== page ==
that would allow more freedoms; the return to a more sound parliamentary life, correct democratic practice
and made Sharia "a source of legislation" (Article II), amended in 1980 to read "the principal source of legislation." With the 1971 constitution, the country was renamed the Arab Republic of Egypt.
2011 Egyptian revolution
During the 2011 Egyptian revolution
, opponents to President Mubarak demanded modifications to the constitution or rewriting it.
On 10 February 2011, Mubarak stated that he had requested that Articles 76, 77, 88, 93 and 181 be amended and that Article 179 be removed.
Following Mubarak's resignation, the military government of Egypt appointed the Egyptian constitutional review committee of 2011
and proposed that Articles 76, 77, 88, 93, 139, 148 and 189 be amended and Article 179 removed.
On 30 March, a new provisional constitution
was adopted based on the amended articles in addition to other aimed at steering through the transition period of constitutional reform. A new constitution
was approved in 2012.
President Mohamed Morsi
from office in July 2013, and the 2012 constitution was suspended.
A roadmap was put in place by the interim government, which included drafting a new constitution. A constitutional referendum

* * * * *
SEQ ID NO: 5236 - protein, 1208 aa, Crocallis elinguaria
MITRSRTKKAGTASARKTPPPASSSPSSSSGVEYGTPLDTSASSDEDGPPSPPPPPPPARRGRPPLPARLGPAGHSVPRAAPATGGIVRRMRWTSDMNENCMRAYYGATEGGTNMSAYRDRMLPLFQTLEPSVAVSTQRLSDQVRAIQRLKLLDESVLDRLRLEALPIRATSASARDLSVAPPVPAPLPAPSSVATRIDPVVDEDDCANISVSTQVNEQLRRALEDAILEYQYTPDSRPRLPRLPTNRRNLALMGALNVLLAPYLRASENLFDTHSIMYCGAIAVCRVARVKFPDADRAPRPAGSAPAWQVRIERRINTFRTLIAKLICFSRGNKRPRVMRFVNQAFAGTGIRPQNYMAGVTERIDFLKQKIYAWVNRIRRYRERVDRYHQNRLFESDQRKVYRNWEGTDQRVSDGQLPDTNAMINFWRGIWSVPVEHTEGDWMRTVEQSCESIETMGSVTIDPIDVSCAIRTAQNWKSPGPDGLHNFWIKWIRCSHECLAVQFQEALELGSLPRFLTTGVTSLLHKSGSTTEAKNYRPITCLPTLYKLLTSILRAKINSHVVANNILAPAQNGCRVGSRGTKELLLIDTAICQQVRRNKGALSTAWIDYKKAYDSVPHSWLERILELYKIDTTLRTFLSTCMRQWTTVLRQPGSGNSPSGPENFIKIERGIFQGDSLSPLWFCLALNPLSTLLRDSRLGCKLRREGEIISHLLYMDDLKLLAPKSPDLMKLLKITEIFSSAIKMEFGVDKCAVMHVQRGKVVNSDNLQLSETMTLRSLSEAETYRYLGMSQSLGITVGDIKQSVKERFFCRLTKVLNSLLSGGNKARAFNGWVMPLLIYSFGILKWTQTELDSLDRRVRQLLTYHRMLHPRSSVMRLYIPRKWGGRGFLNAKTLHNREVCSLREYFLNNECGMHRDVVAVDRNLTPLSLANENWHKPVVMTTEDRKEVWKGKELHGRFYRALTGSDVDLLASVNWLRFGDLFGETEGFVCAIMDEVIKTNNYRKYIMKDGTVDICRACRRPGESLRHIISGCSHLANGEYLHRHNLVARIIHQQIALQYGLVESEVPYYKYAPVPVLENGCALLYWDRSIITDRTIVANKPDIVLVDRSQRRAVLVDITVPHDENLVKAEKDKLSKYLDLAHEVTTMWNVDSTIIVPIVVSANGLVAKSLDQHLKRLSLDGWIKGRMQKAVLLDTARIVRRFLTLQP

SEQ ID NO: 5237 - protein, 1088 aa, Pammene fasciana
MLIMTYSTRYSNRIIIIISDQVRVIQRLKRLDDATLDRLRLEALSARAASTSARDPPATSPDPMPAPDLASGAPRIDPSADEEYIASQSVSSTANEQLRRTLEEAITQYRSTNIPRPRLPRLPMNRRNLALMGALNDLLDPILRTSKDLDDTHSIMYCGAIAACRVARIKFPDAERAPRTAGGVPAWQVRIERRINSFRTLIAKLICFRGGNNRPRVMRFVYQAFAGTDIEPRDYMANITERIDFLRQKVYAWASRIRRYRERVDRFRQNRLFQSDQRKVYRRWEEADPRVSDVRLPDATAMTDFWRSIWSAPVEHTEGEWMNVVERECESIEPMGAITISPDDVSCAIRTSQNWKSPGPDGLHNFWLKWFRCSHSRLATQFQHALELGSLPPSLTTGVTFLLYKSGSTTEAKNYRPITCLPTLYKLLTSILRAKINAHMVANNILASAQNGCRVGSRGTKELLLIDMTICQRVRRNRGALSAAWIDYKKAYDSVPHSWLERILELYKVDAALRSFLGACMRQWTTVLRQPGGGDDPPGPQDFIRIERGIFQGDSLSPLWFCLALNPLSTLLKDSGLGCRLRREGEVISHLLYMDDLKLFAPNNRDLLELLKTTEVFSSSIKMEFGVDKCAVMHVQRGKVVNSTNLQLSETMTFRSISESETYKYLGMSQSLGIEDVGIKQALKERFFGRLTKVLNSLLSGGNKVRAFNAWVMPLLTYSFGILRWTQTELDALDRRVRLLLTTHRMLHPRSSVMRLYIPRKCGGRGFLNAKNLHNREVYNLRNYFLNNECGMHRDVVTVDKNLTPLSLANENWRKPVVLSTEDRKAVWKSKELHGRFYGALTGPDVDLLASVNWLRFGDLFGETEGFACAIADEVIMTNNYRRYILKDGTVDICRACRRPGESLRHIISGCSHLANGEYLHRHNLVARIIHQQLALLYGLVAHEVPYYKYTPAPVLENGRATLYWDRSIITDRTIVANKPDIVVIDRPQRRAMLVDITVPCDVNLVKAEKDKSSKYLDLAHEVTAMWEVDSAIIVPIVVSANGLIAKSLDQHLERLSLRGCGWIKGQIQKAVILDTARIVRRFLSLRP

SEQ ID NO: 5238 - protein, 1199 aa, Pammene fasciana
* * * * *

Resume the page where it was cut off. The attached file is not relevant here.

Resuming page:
took place from 14–15 January 2014,
with the overwhelming majority of voters approving the revised constitution.
List of written constitutions
- ^ "Constitution: Overview" at State Information Service website. Retrieved 25 June 2020.
- ^ a b c d e f g h i j k l Harvey Henry Smith. Area Handbook for the United Arab Republic (Egypt). U.S. Government Printing Office, 1970.
- ^ Adams, Richard (10 February 2011). "Mubarak refuses to resign - Thursday 10 February". The Guardian. London.
- ^ Saleh, Yasmine (27 February 2011). "Factbox: Proposed changes to Egypt's constitution". Thomson Reuters. Archived from the original on 27 February 2011. Retrieved 27 February 2011.
- ^ "Egyptian constitution 'approved' in referendum". BBC News. 23 December 2012. Retrieved 23 September 2013.
- ^ "Egypt's timetable for transition to elections". Associated Press. 9 July 2013. Retrieved 23 September 2013.
- ^ Gregg Carlstrom (14 December 2013). "Egypt president sets date for referendum". Al Jazeera English. Retrieved 27 December 2013.
Last edited on 2 January 2021, at 15:37